Kenya to lose in cement tax plan

October 9, 2009

, NAIROBI, Kenya Oct 9 – Kenya stands to be the biggest loser if a proposal to implement zero rating of cement in the region is adopted.

Members of the East African Cement Producer’s Association under the umbrella of the East African Business Council (EABC), say Kenya’s heavy investment in the sector stands to be eroded if the proposal is adopted.

Kenya’s investment in the cement industry stands at close to US $1 billion (Sh74.7 billion.)

EABC Vice Chairman Kelli Kiilu who spoke during a meeting with with Industrialization Minister Henry Kosgey said expressed fears that the industry was at great risk of collapse given the competition it was receiving from cement imported from various destinations including Egypt and China and competitiveness factors which covered the cost of electricity, thermal energy costs and economies of scale.

Under the East African Community Customs Union Protocol, cement was included in the sensitive products list and had a Common External Tariff (CET) pegged at 55 percent in 2005, 50 percent in 2006, 45 percent in 2007, 40 percent in 2008 and 35 percent in 2009 after which it would remain at 35 percent.

However, in July last year the CET was cut from 40 percent to 25 percent.

The group, made up of eight cement manufacturers from Kenya and Tanzania petitioned the minister to convince the other partner states in the East African Community to rethink this implementation it would stifle growth of the industry.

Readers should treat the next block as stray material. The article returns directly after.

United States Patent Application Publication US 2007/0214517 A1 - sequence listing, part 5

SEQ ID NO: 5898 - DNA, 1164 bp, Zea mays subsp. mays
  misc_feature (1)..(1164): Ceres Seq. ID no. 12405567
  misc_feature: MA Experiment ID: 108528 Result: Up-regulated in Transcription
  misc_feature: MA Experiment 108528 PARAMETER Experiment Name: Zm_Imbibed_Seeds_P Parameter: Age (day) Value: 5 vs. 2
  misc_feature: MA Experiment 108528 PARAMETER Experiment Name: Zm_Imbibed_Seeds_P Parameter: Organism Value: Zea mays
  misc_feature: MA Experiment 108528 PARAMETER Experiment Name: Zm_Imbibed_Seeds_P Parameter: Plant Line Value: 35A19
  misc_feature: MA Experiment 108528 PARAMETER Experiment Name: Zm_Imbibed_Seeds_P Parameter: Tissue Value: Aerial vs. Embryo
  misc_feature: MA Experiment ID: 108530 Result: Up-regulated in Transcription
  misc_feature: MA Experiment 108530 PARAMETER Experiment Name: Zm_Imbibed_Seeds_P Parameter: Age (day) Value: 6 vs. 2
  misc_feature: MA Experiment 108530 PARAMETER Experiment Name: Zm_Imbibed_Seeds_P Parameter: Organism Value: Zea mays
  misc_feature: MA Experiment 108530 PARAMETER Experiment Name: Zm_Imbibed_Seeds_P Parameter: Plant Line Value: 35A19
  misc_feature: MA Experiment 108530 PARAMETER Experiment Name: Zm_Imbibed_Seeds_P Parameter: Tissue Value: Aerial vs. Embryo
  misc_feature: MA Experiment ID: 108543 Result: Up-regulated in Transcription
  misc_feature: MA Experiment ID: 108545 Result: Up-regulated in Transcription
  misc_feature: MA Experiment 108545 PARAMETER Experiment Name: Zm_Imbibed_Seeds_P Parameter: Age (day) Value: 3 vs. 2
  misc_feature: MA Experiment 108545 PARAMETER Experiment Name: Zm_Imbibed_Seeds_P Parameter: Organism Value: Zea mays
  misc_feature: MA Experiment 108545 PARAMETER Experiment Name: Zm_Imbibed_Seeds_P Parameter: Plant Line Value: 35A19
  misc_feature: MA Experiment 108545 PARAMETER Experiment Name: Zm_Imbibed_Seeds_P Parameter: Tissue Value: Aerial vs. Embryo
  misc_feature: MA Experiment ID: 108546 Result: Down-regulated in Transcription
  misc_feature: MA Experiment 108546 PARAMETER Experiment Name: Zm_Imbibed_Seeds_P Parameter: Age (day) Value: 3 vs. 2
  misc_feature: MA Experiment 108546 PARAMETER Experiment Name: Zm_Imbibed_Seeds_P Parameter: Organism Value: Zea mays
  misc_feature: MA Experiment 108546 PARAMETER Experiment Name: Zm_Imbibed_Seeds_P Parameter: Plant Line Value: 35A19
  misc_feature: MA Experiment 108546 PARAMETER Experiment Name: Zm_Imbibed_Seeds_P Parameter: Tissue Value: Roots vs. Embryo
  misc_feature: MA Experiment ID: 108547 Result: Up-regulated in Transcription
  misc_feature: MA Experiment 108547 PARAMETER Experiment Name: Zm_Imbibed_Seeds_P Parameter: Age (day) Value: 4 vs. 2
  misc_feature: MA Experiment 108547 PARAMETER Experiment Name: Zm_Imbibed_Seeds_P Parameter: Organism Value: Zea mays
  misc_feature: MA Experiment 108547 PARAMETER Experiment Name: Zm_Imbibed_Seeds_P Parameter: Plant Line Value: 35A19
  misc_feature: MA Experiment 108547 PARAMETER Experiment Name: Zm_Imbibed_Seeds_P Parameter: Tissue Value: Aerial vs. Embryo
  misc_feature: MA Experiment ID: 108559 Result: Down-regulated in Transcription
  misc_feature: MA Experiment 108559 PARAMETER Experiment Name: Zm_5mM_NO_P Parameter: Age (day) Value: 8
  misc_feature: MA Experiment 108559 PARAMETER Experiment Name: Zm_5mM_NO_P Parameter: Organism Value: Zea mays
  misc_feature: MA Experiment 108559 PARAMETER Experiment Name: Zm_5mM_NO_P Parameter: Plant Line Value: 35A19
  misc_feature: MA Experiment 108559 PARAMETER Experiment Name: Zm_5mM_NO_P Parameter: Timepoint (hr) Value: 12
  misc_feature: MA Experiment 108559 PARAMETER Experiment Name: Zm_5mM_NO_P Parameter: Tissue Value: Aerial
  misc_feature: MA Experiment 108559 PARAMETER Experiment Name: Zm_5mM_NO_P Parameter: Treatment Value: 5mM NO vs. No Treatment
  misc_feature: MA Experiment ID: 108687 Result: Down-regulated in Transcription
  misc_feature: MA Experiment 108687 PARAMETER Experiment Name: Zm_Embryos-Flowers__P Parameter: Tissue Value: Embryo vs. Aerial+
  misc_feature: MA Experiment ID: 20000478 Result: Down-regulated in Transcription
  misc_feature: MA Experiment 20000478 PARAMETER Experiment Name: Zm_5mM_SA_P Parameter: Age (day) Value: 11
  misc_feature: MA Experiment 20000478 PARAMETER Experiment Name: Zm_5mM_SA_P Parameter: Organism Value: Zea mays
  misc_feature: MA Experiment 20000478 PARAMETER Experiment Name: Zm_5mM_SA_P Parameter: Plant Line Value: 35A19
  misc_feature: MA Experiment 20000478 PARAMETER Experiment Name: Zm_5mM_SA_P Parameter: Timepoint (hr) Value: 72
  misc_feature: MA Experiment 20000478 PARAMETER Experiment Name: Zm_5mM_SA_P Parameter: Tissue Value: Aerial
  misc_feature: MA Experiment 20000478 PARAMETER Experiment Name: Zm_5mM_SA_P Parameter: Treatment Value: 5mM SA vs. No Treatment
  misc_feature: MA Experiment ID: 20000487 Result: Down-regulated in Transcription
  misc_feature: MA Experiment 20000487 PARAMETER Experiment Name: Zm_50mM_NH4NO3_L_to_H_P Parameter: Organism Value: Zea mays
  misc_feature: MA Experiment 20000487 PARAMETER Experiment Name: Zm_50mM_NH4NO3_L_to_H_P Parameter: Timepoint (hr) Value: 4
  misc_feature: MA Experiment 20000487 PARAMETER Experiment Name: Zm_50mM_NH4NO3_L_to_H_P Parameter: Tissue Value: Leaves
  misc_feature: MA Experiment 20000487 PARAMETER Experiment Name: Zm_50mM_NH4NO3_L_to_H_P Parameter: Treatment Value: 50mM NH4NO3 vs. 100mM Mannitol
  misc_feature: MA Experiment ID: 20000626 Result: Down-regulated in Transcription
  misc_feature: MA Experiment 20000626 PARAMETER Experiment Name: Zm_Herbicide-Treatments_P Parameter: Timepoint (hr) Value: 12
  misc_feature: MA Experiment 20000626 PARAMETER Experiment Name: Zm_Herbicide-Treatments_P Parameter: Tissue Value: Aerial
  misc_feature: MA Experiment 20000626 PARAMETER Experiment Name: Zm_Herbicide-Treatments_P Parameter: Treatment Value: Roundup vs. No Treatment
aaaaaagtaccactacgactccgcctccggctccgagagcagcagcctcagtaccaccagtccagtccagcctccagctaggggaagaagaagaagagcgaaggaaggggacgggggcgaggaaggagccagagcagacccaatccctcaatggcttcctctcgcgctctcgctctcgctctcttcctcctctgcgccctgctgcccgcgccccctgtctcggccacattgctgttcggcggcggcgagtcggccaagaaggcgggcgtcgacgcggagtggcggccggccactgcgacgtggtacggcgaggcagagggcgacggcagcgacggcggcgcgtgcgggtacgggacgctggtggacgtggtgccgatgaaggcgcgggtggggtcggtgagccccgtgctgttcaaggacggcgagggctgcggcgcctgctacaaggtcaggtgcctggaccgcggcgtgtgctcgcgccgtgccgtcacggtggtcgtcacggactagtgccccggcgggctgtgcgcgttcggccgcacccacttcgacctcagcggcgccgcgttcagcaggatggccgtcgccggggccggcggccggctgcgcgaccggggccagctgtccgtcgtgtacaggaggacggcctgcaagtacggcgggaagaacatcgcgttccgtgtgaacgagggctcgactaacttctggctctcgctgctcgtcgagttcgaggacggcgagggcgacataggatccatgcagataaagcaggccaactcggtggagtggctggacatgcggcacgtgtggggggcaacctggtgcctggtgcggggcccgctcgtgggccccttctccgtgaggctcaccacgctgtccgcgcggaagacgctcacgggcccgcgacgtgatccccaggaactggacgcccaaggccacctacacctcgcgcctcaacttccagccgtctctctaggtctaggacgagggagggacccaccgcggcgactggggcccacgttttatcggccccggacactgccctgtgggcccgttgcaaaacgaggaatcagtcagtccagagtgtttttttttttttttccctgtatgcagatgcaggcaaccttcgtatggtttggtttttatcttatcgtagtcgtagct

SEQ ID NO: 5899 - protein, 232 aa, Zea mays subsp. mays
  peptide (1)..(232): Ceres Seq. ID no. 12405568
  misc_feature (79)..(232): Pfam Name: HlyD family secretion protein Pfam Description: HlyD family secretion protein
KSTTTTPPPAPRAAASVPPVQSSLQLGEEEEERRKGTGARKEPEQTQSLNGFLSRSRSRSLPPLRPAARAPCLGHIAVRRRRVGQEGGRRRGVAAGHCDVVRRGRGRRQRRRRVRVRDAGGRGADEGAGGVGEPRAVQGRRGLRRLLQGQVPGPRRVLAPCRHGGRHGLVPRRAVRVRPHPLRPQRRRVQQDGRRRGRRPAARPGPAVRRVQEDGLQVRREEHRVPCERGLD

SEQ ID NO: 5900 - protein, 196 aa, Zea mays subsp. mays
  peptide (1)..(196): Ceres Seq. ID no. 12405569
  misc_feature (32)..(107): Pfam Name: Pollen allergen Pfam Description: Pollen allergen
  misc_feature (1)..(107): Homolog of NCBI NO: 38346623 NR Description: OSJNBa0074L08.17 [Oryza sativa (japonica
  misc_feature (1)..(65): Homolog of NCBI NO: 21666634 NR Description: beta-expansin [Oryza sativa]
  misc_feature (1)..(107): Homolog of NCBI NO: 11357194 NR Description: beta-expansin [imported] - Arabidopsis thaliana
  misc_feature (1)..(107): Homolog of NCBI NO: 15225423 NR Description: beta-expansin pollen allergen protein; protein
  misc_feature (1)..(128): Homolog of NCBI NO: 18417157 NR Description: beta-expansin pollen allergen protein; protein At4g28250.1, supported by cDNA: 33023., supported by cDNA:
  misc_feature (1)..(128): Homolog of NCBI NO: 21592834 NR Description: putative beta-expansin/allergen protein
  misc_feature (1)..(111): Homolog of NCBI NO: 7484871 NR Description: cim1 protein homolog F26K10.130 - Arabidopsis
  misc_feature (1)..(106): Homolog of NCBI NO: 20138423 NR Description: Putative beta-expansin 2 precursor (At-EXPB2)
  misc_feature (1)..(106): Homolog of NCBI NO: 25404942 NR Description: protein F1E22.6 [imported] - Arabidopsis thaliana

They also requested that the sensitive product status of cement be restored and that the Government invokes additional anti-dumping and countervailing duties in consultation with the cement industry.

A tax waiver on imported cement has sent ripples among industry players who say it’s creating unfair competition in the market, which if unchecked would lead to the closure of some companies that cannot match the competition.

The Minister noted the industry had export revenue amounting to US $102Million (Sh7.6 billion) per Annum and that Government collected taxes to the tune of Sh.4 to 5 billion every year.

“All this will be at stake if the request for lowering of the Common external Tariff on the product is granted,” he said.

Mr Kosgey told the stakeholders that he would immediately seek a meeting with his counterparts in the Ministries of EAC, Finance and Trade to come up with a viable proposal on the issue before the EAC Council of Ministers Meeting set for next month.

“The Government is interested in establishing the relative pricing between local and imported cement and is investigating the breakdown of the cost elements. This will enable us confirm the concerns players in the industry have towards the imported product.”

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